- In Switzerland, commissioner is the name given to a representative in a wide range of functions defined by cantonal law; the word also occurs in combinations such as government, civil, district, tax, viticulture, field, and bee commissioner .
- In the provinces of the Netherlands , the chairman of the cabinet ( Gedeputeerde Staten ) holds the title of Royal Commissioner (Commissaris van de Koning) . His rank corresponds roughly to that of a governor .
- In France, commissaires-priseurs are the people who, in addition to notaries , bailiffs and registered commodity brokers, are authorized to hold auctions . Your jobs are for sale.
- Commissaires de Police are called (senior) investigators of the criminal police in France.
- Commissioner is the rank corresponding to a consul held by diplomats from one Commonwealth country in another Commonwealth country. However, the offices of these commissioners are called consulates and not commissions - in contrast to the high commissions .
In the Austrian police - contrary to some television series - there is no rank of "commissioner". However, there are officials of the legally qualified service who carry the official designation of commissioner and chief commissioner . However, these are police lawyers whose range of tasks is only partially congruent with that of the commissioners in Germany. The duties of the commissioners are usually carried out by inspectors, but also by officers.
- In northern Germany, especially in the 18th century, a more frequently verifiable term, used in the sense of “agent”. A "Cammer-Commissair" is someone who, as a princely leaseholder or administrator, represented his interests in an estate, whether on his own or on the account of the owner, is not sufficiently secure. Such persons were later generally called bailiffs .
- The Archdiocese of Mainz was divided into commissariats until 1803, which were headed by an archbishop's commissar.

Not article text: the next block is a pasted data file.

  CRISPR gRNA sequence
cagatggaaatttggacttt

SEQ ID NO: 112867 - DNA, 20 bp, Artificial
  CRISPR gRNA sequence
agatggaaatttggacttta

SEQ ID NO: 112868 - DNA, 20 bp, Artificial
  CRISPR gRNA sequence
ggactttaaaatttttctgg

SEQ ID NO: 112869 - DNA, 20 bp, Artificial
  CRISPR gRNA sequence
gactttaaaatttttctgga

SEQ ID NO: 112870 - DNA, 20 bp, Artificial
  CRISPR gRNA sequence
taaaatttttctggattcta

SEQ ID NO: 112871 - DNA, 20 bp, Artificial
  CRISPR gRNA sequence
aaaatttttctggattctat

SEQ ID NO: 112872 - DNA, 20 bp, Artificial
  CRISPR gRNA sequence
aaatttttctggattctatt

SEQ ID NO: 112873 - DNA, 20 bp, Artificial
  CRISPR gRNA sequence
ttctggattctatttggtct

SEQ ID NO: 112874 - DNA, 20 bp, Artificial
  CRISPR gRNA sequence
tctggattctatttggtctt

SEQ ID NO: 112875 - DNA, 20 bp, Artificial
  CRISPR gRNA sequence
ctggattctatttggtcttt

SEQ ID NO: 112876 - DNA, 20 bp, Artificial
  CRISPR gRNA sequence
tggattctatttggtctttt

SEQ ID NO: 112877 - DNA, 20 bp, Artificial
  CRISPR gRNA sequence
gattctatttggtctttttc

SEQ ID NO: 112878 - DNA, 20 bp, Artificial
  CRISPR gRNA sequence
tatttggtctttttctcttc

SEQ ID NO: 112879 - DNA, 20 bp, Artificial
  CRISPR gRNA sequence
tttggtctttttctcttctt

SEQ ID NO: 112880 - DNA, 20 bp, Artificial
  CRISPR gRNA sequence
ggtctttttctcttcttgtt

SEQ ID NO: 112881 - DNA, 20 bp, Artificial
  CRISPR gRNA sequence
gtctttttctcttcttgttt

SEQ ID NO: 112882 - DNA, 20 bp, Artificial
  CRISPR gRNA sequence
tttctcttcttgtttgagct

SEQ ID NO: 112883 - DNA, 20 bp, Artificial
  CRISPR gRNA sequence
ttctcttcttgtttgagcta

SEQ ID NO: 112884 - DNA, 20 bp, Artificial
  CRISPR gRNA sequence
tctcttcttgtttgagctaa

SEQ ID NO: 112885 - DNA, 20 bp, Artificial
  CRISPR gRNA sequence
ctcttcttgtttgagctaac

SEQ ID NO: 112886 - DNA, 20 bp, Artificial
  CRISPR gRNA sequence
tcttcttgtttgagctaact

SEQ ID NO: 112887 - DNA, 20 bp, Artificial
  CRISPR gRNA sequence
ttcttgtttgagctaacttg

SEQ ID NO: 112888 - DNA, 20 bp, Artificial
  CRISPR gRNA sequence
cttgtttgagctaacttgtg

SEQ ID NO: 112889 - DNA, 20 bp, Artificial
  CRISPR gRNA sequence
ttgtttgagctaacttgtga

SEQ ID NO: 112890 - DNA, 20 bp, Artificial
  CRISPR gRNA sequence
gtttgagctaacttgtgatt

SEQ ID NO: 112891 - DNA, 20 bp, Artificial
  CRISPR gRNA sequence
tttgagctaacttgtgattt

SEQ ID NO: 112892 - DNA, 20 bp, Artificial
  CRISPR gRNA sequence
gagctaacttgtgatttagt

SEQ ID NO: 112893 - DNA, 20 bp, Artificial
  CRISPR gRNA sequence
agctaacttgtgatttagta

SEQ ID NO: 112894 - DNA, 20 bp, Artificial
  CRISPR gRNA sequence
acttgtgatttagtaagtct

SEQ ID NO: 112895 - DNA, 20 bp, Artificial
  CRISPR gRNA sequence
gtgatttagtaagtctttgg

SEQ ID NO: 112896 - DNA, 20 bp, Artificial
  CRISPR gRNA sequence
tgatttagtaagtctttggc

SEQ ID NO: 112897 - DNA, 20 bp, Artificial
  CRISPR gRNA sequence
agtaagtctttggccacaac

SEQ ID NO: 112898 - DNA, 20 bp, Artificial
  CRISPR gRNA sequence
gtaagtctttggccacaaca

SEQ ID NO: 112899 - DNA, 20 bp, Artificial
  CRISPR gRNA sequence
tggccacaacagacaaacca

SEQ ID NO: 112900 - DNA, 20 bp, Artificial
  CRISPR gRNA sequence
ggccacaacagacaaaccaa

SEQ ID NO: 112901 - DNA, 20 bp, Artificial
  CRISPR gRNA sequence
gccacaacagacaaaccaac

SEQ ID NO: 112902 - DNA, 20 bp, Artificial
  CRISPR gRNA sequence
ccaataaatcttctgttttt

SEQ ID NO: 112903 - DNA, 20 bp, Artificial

- In the army of the German Empire as well as in Switzerland there used to be a war commissioner or (Swiss) war commissioner who took care of the food and transport of the troops.
- In the Austrian army and navy , the commissar was like paymaster .
- In the former Soviet Union at the time of Lenin and Stalin , the term for government minister was used in the form of a people's commissar .
- Cf. on the political commissar in the Red Army (also political commissars): Political officer and Hitler's commissar order
- In the German Reich (1871-1945) the term Reichskommissar was used for representatives of Reich governments or Reich authorities. Reich commissioners were given powers for central state locations or large civil territories to take on complex administrative tasks.
- Hans Bickel , Christoph Landolt : Swiss High German. Dictionary of the standard language in German-speaking Switzerland. 2nd, completely revised and expanded edition, published by the Swiss Association for the German Language. Dudenverlag, Berlin 2018, ISBN 978-3-411-70418-7 , p. 52.
- Georg May : The organization of jurisdiction and administration in the Archdiocese of Mainz from the High Middle Ages to the end of the Reich Church , Volume 2: The Commissariats . Society for Middle Rhine Church History, Mainz 2004, ISBN 3-929135-44-2 .